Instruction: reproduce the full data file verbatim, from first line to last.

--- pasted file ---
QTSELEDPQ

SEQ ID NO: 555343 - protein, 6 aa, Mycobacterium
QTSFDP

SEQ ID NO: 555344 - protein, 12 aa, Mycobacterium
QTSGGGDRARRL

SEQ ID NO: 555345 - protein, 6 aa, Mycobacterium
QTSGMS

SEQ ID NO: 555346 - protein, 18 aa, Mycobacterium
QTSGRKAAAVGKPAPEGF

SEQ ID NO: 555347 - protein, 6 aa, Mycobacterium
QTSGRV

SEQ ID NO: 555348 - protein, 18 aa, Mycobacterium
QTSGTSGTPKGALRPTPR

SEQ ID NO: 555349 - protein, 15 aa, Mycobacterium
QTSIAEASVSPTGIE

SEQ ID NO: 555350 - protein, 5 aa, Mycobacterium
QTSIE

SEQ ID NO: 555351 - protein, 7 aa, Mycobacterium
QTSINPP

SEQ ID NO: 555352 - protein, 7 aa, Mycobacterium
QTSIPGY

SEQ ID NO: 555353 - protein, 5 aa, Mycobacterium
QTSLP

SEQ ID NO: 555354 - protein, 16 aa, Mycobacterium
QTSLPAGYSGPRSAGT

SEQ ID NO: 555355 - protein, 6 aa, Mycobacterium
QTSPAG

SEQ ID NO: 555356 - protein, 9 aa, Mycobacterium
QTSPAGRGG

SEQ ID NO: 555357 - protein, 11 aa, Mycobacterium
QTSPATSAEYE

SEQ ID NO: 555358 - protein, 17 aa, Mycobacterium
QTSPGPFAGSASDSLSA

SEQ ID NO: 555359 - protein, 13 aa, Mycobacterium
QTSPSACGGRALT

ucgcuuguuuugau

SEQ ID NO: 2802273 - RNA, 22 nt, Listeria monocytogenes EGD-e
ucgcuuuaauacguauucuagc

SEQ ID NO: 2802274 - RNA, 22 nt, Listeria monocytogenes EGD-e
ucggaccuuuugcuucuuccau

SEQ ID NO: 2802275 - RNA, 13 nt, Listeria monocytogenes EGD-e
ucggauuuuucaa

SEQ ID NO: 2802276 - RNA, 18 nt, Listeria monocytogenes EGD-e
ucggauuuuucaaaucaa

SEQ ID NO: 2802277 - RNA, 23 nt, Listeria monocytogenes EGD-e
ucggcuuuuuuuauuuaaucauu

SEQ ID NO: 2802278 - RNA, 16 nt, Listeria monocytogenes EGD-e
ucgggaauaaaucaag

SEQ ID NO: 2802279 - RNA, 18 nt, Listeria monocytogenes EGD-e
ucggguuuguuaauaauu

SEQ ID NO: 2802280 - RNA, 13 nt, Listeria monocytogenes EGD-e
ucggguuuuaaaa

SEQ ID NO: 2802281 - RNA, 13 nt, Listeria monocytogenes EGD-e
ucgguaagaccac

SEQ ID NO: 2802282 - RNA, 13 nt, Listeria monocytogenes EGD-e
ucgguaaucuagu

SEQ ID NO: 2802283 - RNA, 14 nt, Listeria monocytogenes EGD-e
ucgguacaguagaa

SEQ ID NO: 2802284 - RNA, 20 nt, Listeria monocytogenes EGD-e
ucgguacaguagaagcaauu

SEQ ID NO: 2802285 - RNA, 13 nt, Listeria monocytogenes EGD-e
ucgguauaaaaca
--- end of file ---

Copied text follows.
QTSELEDPQ

SEQ ID NO: 555343 - protein, 6 aa, Mycobacterium
QTSFDP

SEQ ID NO: 555344 - protein, 12 aa, Mycobacterium
QTSGGGDRARRL

SEQ ID NO: 555345 - protein, 6 aa, Mycobacterium
QTSGMS

SEQ ID NO: 555346 - protein, 18 aa, Mycobacterium
QTSGRKAAAVGKPAPEGF

SEQ ID NO: 555347 - protein, 6 aa, Mycobacterium
QTSGRV

SEQ ID NO: 555348 - protein, 18 aa, Mycobacterium
QTSGTSGTPKGALRPTPR

SEQ ID NO: 555349 - protein, 15 aa, Mycobacterium
QTSIAEASVSPTGIE

SEQ ID NO: 555350 - protein, 5 aa, Mycobacterium
QTSIE

SEQ ID NO: 555351 - protein, 7 aa, Mycobacterium
QTSINPP

SEQ ID NO: 555352 - protein, 7 aa, Mycobacterium
QTSIPGY

SEQ ID NO: 555353 - protein, 5 aa, Mycobacterium
QTSLP

SEQ ID NO: 555354 - protein, 16 aa, Mycobacterium
QTSLPAGYSGPRSAGT

SEQ ID NO: 555355 - protein, 6 aa, Mycobacterium
QTSPAG

SEQ ID NO: 555356 - protein, 9 aa, Mycobacterium
QTSPAGRGG

SEQ ID NO: 555357 - protein, 11 aa, Mycobacterium
QTSPATSAEYE

SEQ ID NO: 555358 - protein, 17 aa, Mycobacterium
QTSPGPFAGSASDSLSA

SEQ ID NO: 555359 - protein, 13 aa, Mycobacterium
QTSPSACGGRALT

ucgcuuguuuugau

SEQ ID NO: 2802273 - RNA, 22 nt, Listeria monocytogenes EGD-e
ucgcuuuaauacguauucuagc

SEQ ID NO: 2802274 - RNA, 22 nt, Listeria monocytogenes EGD-e
ucggaccuuuugcuucuuccau

SEQ ID NO: 2802275 - RNA, 13 nt, Listeria monocytogenes EGD-e
ucggauuuuucaa

SEQ ID NO: 2802276 - RNA, 18 nt, Listeria monocytogenes EGD-e
ucggauuuuucaaaucaa

SEQ ID NO: 2802277 - RNA, 23 nt, Listeria monocytogenes EGD-e
ucggcuuuuuuuauuuaaucauu

SEQ ID NO: 2802278 - RNA, 16 nt, Listeria monocytogenes EGD-e
ucgggaauaaaucaag

SEQ ID NO: 2802279 - RNA, 18 nt, Listeria monocytogenes EGD-e
ucggguuuguuaauaauu

SEQ ID NO: 2802280 - RNA, 13 nt, Listeria monocytogenes EGD-e
ucggguuuuaaaa

SEQ ID NO: 2802281 - RNA, 13 nt, Listeria monocytogenes EGD-e
ucgguaagaccac

SEQ ID NO: 2802282 - RNA, 13 nt, Listeria monocytogenes EGD-e
ucgguaaucuagu

SEQ ID NO: 2802283 - RNA, 14 nt, Listeria monocytogenes EGD-e
ucgguacaguagaa

SEQ ID NO: 2802284 - RNA, 20 nt, Listeria monocytogenes EGD-e
ucgguacaguagaagcaauu

SEQ ID NO: 2802285 - RNA, 13 nt, Listeria monocytogenes EGD-e
ucgguauaaaaca